So I think that when Trump was elected ... And also our podcasts became popular pretty quick, as far as in that space, pretty quickly. And there was a clear hardcore following. That when that happened, it was like, “Oh, well it looks like we could make more episodes, people want more episodes, and also people need more episodes.” Every day that we weren’t back, every day people were like, “When are you coming back? Please come back.” You know?
What do you think the purpose of the podcast is? Again, how it changed from last year to this year. I’m thinking about you and other folks I’ve seen go through this with the Keepin’ it 1600 guys who are now Pod Save America. They were sort of like snarky commentary and now they’re like, “Oh no, we’ve gotta mobilize.” Do you feel the same sense of responsibility? Or it’s still the same podcast, just the circumstances are different?
I do think it is still the same podcast but the stakes have changed. So I do think that our ... I think in all of my, the thing that connects me, that connects all this work is that I feel like in many ways I’m a conduit to the smarter, better people. So for example, I can have a conversation about Black Lives Matter, I can tell jokes onstage about Black Lives Matter, but why don’t we talk to Patrisse Cullors?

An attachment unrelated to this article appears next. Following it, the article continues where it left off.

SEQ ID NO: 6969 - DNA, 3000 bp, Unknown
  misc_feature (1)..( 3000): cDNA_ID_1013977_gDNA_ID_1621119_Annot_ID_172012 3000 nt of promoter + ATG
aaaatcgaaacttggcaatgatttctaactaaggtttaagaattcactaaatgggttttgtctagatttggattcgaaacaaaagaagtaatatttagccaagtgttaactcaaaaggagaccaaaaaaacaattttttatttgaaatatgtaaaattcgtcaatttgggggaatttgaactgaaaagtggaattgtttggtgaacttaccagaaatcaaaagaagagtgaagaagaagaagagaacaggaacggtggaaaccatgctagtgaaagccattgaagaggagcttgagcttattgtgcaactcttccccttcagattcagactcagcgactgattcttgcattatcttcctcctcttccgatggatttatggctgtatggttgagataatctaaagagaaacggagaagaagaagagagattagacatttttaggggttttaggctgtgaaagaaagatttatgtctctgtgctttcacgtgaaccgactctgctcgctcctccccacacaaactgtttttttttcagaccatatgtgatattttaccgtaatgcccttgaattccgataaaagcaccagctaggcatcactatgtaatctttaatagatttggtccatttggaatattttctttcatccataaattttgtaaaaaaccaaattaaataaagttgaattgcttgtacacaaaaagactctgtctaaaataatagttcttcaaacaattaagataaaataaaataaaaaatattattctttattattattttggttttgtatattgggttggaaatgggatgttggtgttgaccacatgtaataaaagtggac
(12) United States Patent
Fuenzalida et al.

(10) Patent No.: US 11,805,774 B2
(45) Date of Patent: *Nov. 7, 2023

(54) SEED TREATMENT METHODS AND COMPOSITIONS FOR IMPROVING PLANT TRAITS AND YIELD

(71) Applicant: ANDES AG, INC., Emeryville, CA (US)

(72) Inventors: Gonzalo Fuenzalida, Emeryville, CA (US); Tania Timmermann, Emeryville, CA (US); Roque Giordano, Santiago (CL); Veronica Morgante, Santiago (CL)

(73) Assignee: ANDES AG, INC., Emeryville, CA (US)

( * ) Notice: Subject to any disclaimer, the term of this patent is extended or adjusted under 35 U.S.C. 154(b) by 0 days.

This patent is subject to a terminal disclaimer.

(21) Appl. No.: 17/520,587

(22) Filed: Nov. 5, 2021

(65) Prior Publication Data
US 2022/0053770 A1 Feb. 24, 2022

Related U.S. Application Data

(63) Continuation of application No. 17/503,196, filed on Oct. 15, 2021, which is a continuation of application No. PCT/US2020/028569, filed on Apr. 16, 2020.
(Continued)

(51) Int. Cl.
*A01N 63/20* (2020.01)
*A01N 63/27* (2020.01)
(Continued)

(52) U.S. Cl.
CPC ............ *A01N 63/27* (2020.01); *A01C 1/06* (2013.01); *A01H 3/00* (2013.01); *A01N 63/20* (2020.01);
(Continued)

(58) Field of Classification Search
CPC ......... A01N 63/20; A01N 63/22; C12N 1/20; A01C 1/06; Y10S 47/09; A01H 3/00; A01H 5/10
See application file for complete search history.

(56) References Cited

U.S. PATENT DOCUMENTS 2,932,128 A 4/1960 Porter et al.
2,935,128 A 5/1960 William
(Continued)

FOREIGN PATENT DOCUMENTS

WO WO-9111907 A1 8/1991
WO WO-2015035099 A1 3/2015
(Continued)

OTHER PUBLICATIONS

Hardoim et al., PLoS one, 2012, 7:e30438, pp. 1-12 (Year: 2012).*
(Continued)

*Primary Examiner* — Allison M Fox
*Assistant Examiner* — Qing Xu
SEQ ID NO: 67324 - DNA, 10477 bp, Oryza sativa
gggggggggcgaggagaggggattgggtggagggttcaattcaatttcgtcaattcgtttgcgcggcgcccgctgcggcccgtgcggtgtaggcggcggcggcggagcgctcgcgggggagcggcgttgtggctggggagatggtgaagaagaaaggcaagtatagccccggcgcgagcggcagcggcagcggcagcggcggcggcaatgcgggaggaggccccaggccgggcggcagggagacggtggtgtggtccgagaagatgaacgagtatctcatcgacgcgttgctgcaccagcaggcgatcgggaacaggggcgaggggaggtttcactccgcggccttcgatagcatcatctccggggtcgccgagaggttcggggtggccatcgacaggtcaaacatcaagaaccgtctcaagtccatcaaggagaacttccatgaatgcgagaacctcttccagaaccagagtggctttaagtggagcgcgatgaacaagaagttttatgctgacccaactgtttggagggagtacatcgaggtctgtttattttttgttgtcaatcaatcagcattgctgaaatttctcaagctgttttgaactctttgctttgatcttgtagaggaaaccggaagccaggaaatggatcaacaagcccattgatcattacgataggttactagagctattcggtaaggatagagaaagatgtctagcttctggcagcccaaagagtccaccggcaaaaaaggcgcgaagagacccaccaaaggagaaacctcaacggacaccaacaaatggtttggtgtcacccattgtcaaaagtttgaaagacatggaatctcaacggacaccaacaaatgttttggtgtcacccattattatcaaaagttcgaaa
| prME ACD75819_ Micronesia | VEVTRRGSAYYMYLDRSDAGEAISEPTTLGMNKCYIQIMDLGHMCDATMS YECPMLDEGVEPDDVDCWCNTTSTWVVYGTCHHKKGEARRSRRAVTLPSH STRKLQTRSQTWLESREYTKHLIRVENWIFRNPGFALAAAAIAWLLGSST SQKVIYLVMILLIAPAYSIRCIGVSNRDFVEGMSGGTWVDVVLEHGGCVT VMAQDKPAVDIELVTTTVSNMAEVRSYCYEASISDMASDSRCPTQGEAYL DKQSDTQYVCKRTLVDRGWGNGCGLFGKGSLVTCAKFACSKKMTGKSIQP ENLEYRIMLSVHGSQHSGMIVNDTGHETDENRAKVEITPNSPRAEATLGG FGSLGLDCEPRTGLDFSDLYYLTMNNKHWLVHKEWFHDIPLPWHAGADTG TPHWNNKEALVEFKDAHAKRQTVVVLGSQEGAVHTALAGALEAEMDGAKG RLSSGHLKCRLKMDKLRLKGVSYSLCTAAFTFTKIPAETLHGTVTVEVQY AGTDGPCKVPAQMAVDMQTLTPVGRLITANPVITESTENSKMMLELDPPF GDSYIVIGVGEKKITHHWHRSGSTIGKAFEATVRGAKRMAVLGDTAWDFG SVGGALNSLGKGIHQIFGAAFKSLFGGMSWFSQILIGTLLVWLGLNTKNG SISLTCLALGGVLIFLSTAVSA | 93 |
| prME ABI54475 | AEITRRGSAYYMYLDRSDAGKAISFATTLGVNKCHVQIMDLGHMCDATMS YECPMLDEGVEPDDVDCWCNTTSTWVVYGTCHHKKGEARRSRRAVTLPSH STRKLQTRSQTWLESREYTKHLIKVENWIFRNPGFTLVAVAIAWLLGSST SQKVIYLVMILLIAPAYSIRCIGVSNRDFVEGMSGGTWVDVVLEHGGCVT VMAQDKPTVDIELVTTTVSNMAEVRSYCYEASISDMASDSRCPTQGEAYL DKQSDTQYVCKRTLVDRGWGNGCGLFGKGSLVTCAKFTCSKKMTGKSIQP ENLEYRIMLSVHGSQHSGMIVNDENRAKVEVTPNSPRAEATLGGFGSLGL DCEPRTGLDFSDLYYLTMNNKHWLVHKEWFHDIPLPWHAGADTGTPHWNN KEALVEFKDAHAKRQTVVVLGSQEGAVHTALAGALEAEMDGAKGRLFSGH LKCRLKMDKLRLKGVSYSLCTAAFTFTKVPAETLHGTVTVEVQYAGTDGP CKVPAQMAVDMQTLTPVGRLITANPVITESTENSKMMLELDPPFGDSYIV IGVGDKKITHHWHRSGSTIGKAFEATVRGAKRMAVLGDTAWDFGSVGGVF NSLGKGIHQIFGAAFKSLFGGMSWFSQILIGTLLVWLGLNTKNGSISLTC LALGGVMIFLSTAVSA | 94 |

Yeah, find the smart person and deliver them to the people.
Yeah. And also, a thing we do, is because we’re comedians we reveal those people in different lights. And we sort of are able to make people relax and be funny who maybe wouldn’t be funny in other situations so you know I think people when they ... Our audience isn’t necessarily going, “Jake Tapper, yay,” they go, “Jake Tapper, huh.”
And the reason they’re saying that, right, is because they think of Jake Tapper as a sellout and mainstream.
And also CNN, and CNN at that point was accused of being responsible for the election.
Still are. Still happening.
Yeah, yeah, still are. And I think many other journalists at CNN understand that and Jeff Zucker’s talked about it and they’re better journalists now. I think they’ve really dug in. I mean, Jake Tapper’s the first one to go all Kellyanne Conway and all these people.